Cari Mora


One sunny afternoon I was overjoyed to discover Cari Mora, the latest novel by Hannibal Lecter creator Thomas Harris, who I recently profiled for CSM.

Just as Lecter could only be birthed at the dawn of the 1980’s, as Quantico desperately profiled the spate of serial killers that had begun in the wake of the Manson slayings in 1969, so only in 2019, as the post digital age of crime flourishes, could this book have been written.

Harris last published in 2006, the much anticipated Lecter prequel Hannibal Rising that at the time confused and disappointed most audiences, especially after the inept, rushed tie-in movie. I was reading it the day I discovered that Cari Mora existed, and, 13 years later, realising the density of Harris’s storytelling had been misinterpreted and Hannibal Rising was yet another crime masterpiece.

I won’t tell you too much about the plot or characters of Cari Mora, so as not to spoil the enjoyment of future readers. A literary review is not a plot summary.

The question is whether or not this new book is worthy of Harris’s iconic canon, and the answer is, of course. The savagery in this book emerges from South American gangs and guerrilla warfare.

Cari Mora is the name of the caretaker of a Miami Beachfront house that has £25 million of cartel money buried beneath it. Dead, shark eyed men are circling, and, because Cari is IUbeautiful, she is doubly at threat. But she has endeavours and resources unbenownst to the gangsters. She was a child soldier from the age of 12, and knows the taste of death.

What becomes instantly clear is that Harris is attempting to create a female character as interesting and formidable as Dr Lecter’s foil and lover Clarice Starling. Somehow, given the historically legendary Starling, immortalised by Jodie Foster in 1991s The Silence of the Lambs, he has achieved this.

A destroyer and creator of worlds, Harris has written some of the most haunting prose in literary history. The killings are vicious, cruel and common in Cari Mora. In the age of MS-13, the LA Death Cult of cocaine and heroin dealers, it is only correct that nearly 40 years after the horrifying violence of Dr Lecter began, Dionysus to Will Graham’s Pentheus, is extended to even more monstrous proportions.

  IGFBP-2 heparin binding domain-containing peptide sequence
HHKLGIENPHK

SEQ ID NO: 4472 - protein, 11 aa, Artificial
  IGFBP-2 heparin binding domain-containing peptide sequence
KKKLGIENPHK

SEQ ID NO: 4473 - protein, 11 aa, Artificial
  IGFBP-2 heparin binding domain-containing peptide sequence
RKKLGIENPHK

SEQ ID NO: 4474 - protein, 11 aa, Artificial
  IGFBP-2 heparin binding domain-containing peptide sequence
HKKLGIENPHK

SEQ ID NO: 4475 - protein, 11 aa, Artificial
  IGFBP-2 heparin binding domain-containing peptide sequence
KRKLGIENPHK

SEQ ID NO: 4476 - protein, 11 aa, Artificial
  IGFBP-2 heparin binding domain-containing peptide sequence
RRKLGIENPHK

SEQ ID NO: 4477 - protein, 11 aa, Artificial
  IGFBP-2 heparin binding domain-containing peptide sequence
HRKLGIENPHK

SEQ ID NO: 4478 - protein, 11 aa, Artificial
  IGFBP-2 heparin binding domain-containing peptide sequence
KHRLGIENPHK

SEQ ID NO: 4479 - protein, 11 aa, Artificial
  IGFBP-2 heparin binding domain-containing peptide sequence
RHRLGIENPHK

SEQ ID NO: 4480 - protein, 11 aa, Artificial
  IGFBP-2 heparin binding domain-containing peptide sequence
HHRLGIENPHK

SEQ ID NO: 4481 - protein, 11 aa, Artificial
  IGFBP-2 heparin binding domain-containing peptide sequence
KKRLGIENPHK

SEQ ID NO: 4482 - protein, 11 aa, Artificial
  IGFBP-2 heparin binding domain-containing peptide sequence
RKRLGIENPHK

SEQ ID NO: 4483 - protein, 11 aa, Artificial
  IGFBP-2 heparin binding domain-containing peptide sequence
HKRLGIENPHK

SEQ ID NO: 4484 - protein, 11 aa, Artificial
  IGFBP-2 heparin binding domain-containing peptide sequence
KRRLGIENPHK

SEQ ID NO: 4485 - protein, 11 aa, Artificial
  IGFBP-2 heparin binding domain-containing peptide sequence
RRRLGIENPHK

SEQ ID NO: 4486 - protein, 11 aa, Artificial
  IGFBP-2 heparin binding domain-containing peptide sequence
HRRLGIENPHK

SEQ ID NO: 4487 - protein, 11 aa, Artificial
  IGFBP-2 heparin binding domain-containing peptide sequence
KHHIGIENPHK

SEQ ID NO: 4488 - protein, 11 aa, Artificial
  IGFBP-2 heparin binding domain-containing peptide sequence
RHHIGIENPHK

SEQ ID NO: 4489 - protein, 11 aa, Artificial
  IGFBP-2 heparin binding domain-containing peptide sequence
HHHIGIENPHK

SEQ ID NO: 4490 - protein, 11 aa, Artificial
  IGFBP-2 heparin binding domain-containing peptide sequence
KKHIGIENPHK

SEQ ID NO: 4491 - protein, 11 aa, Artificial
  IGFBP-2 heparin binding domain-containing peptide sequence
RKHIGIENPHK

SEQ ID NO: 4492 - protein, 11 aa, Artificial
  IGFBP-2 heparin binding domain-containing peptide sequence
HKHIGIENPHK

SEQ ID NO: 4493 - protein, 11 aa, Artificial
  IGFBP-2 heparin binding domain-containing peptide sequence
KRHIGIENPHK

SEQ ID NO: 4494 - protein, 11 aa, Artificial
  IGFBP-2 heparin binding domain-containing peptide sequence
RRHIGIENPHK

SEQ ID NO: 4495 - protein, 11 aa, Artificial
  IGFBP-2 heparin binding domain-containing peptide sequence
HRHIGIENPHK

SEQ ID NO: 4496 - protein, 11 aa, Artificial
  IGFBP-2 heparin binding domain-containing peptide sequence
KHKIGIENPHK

Cari Mora is not an FBI agent like Clarice, but a dirt poor immigrant in America without the luxury of police protection. She is, of course, born of the spirit of Clarice Starling, and, despite suffering more sexual and physical abuse from the ghouls that populate the novel than Clarice ever did, the moral centre of the righteous killer in Starling lives within her.

“Today, with Dr Blanco watching, she stitched the gular pouch beneath the beak of a white pelican injured by a fishhook. Pouch stitching is delicate work and must be done in layers, each stitched separately while the bird is anesthetized with gas. It was peaceful, absorbing work, very different from her childhood experience, closing soldiers’ wounds in the field with a fast mattress stitch or a tourniquet or a poncho to cover a sucking chest wound, or pressing with her hand while she tore open a compress bandage with her teeth.”

This introductory passage to Cari Mora on page 9, tells, in a beautiful, effortless and haunting fashion what we’ll need to know about the character of our heroine. She is a good woman in a world filled with evil, predatory, greedy men.

The hardback edition I purchased has an icon of the Virgin Mary holding Christ as a babe, with two hidden curved blades at the bottom. The deep, blue cover and white text gives off an impression of genuine religious reference, the religious beliefs of the soldier.

Harris began his writing career five decades ago as a crime journalist in USA and Mexico, and is one of the few prescient writers still working today, politely declining a social media presence like his increasingly foolish contemporary Stephen King.

A clear work of genius, it is irrelevant to force Cari Mora into competition with Harris’s other books. Is it better than The Silence of the Lambs? Is that even possible to debate yet? Wait twenty years to see the full influence of Cari Mora, I promise you this is a very special gift to the readers of a very special writer.

Follow Andrew Moody on Twitter @VoguishFiction